The iconic image of wide-eyed children gathered around the decked-out Christmas tree, opening presents piled beneath its branches, is pretty hard for families to pull off when they don’t have the green for an evergreen.
This is where David and Michelle Fein enter the picture. The Colorado Springs couple, along with a cadre of friends and family, are on a mission to make sure that people who can’t afford a tree will get one. For the second consecutive year, they’re hoping the community will donate artificial trees, as well as the accoutrements to gussy them up, so they can give them to people in need.
“It’s incredible what it means for people who can’t afford a tree — especially parents with children,” David Fein said. “It symbolizes something very deep.”
The Feins’ Christmas Tree Project began last year as a fluke. They had an old artificial tree they wanted to give away, so David Fein posted an ad on Craigslist in early December. Within an hour, he received more than a dozen responses from people who laid out their heart-rending stories in requesting the tree.
Fein gave his tree away, then bought another for one of the people who answered the ad, using his own money plus $20 his wife had received from the school principal where she works, with the instructions to “go out and do something good.”
As the Feins told friends about the doleful stories he was hearing in response to the Craigslist ad, they got involved as well, and once local media outlets reported the budding effort, strangers joined the cause. Within a few weeks, the newly named Christmas Tree Project had received 110 artificial trees, delivered by about 15 volunteers to recipients who would later swamp the Feins with heartfelt notes of gratitude.
“Our commitment was, if anyone had a tree to donate and couldn’t get it to us, we said we’d come pick it up,” Fein said. “And we made the commitment, if anyone needs a tree, we’ll deliver it. We were delivering from Monument to Peyton to Fountain.”
Tough Tool Rental Center in Fountain also got involved, giving out about 200 live trees that were left on the lot in the days leading up to Christmas.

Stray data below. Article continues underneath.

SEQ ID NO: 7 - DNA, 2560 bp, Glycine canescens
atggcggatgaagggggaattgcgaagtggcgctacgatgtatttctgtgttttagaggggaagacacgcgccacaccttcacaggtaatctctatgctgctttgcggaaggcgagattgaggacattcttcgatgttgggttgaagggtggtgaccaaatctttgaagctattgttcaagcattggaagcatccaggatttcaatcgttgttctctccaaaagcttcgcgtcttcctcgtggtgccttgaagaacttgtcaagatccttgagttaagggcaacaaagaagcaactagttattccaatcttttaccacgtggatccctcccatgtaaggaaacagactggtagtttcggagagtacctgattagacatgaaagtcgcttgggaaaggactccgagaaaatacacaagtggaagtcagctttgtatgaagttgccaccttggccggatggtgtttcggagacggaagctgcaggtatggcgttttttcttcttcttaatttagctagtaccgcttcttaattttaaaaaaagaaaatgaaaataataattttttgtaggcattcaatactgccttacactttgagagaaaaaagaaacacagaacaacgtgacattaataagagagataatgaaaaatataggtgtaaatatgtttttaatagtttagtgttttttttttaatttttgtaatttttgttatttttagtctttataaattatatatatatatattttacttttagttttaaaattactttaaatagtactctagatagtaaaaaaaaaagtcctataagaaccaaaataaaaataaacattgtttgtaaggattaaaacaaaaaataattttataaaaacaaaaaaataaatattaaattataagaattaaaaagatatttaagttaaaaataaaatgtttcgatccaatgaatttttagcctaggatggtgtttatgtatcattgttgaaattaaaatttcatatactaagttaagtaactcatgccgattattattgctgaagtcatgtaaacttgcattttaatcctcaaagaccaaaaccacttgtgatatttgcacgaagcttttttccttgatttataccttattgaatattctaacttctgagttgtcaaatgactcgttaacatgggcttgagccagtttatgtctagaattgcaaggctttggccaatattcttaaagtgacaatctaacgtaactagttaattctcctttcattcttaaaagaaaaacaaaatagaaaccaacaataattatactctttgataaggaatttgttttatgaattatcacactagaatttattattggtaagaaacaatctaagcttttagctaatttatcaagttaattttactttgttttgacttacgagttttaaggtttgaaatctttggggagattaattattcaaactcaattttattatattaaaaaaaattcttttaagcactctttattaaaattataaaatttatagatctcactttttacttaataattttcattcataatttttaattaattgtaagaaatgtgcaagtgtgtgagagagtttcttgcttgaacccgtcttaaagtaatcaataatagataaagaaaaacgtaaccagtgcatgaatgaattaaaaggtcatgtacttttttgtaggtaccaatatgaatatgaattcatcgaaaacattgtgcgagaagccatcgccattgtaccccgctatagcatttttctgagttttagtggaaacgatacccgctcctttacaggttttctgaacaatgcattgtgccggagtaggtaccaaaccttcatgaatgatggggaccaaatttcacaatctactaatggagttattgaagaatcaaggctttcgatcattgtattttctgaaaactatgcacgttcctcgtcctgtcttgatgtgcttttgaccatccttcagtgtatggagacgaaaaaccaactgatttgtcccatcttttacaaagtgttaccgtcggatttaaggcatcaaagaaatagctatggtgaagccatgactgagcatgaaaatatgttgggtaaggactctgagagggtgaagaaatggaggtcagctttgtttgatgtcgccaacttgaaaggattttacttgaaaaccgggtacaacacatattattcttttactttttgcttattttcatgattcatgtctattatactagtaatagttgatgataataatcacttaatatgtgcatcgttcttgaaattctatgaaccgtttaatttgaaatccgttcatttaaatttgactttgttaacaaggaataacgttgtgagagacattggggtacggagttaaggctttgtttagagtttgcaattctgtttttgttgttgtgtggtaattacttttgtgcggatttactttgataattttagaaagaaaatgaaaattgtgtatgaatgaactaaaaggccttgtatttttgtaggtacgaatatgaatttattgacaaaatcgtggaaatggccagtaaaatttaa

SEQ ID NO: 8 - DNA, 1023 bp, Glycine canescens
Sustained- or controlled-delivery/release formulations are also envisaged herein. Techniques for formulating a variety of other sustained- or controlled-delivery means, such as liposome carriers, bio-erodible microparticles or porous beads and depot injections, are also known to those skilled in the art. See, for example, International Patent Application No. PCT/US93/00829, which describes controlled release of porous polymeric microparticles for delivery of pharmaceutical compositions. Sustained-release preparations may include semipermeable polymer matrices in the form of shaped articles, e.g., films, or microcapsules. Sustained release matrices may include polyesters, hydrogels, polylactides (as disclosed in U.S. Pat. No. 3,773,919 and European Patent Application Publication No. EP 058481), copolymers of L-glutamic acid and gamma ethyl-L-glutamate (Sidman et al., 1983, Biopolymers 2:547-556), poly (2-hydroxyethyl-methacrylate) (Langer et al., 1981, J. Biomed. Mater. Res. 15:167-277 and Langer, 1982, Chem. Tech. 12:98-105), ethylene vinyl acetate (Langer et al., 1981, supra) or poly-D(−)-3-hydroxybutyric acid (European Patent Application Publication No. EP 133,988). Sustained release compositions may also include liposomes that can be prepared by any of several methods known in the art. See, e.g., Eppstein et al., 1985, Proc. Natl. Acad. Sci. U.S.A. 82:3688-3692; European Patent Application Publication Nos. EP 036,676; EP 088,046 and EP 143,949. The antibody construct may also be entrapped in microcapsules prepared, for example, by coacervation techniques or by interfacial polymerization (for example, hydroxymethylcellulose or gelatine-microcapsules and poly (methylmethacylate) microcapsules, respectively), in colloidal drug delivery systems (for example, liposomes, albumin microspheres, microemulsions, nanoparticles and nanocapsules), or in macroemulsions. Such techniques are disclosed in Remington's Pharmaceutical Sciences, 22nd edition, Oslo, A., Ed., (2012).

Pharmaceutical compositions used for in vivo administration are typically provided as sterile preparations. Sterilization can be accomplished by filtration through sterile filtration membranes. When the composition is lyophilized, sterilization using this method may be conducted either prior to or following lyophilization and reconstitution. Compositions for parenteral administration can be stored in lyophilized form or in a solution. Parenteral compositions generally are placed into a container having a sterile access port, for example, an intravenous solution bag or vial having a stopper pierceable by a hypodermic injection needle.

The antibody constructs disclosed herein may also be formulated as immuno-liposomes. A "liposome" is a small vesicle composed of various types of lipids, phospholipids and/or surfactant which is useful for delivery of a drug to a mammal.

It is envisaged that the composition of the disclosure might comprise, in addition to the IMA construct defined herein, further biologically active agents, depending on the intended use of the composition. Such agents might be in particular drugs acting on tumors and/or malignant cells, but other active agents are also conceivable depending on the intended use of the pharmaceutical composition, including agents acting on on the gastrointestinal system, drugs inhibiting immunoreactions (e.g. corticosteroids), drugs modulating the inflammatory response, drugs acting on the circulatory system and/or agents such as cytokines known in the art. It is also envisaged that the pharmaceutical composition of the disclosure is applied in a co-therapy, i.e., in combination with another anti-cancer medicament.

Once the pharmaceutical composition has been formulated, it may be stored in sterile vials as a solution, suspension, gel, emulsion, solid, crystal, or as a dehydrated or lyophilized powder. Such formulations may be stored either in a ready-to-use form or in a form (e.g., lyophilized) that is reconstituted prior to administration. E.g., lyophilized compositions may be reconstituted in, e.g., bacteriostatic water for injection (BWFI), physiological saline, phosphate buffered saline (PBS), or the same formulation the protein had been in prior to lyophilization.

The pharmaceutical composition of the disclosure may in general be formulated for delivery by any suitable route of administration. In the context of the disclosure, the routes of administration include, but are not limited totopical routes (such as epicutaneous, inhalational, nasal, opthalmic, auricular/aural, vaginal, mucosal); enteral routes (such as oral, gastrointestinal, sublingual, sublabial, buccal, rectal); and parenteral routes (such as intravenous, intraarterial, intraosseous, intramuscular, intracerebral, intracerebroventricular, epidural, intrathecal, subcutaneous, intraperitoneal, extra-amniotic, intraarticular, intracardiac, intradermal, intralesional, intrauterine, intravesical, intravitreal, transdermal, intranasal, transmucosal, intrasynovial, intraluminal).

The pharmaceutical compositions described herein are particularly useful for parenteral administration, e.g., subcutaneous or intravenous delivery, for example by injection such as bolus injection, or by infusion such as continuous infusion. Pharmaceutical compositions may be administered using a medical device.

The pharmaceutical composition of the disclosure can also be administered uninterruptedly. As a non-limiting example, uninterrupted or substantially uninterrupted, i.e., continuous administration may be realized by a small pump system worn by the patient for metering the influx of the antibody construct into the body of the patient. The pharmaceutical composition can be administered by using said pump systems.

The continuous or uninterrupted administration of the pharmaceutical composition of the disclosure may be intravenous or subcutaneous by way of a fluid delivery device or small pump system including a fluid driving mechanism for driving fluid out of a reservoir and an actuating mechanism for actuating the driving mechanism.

“It was an amazing thing all the way around,” Fein said. “I think everyone, from those who gave a tree to those who got a tree, was touched by the generosity in town.”
With the economy still in the doldrums, Fein believes there will still be many people this year who can’t afford a tree.
“So we need artificial trees, decorations, ornaments and things like that,” he said. “Our goal is to give away fully decorated trees with lights and tinsel and candy canes and the whole thing.”
The on-the-fly nature of last year’s effort has given way to a more organized approach this year. The landlord of the building where Fein operates his software company has donated space to store trees, and the Christmas Tree Project has already received 12 artificial trees and about $400 in donations. Volunteers are lined up, and his employees are pitching in. In response to an ad for someone to develop a website for the project, a man from Ireland offered to do the job for free.
“Everybody has that reaction,” Fein said. “It’s almost automatic: ‘How can I help? What can I do?’”
For more information on the Christmas Tree Project, call 799-6025; e-mail email@example.com; or go to thechristmastreeproject.org, where PayPal and credit card donations can be made.
Trees and decorations can be dropped off at the ValuSource office, 4575 Galley Road, Suite 200E, from 8 a.m. to 5 p.m Mondays through Fridays. Call for weekend dropoffs, or if you need to have a tree picked up.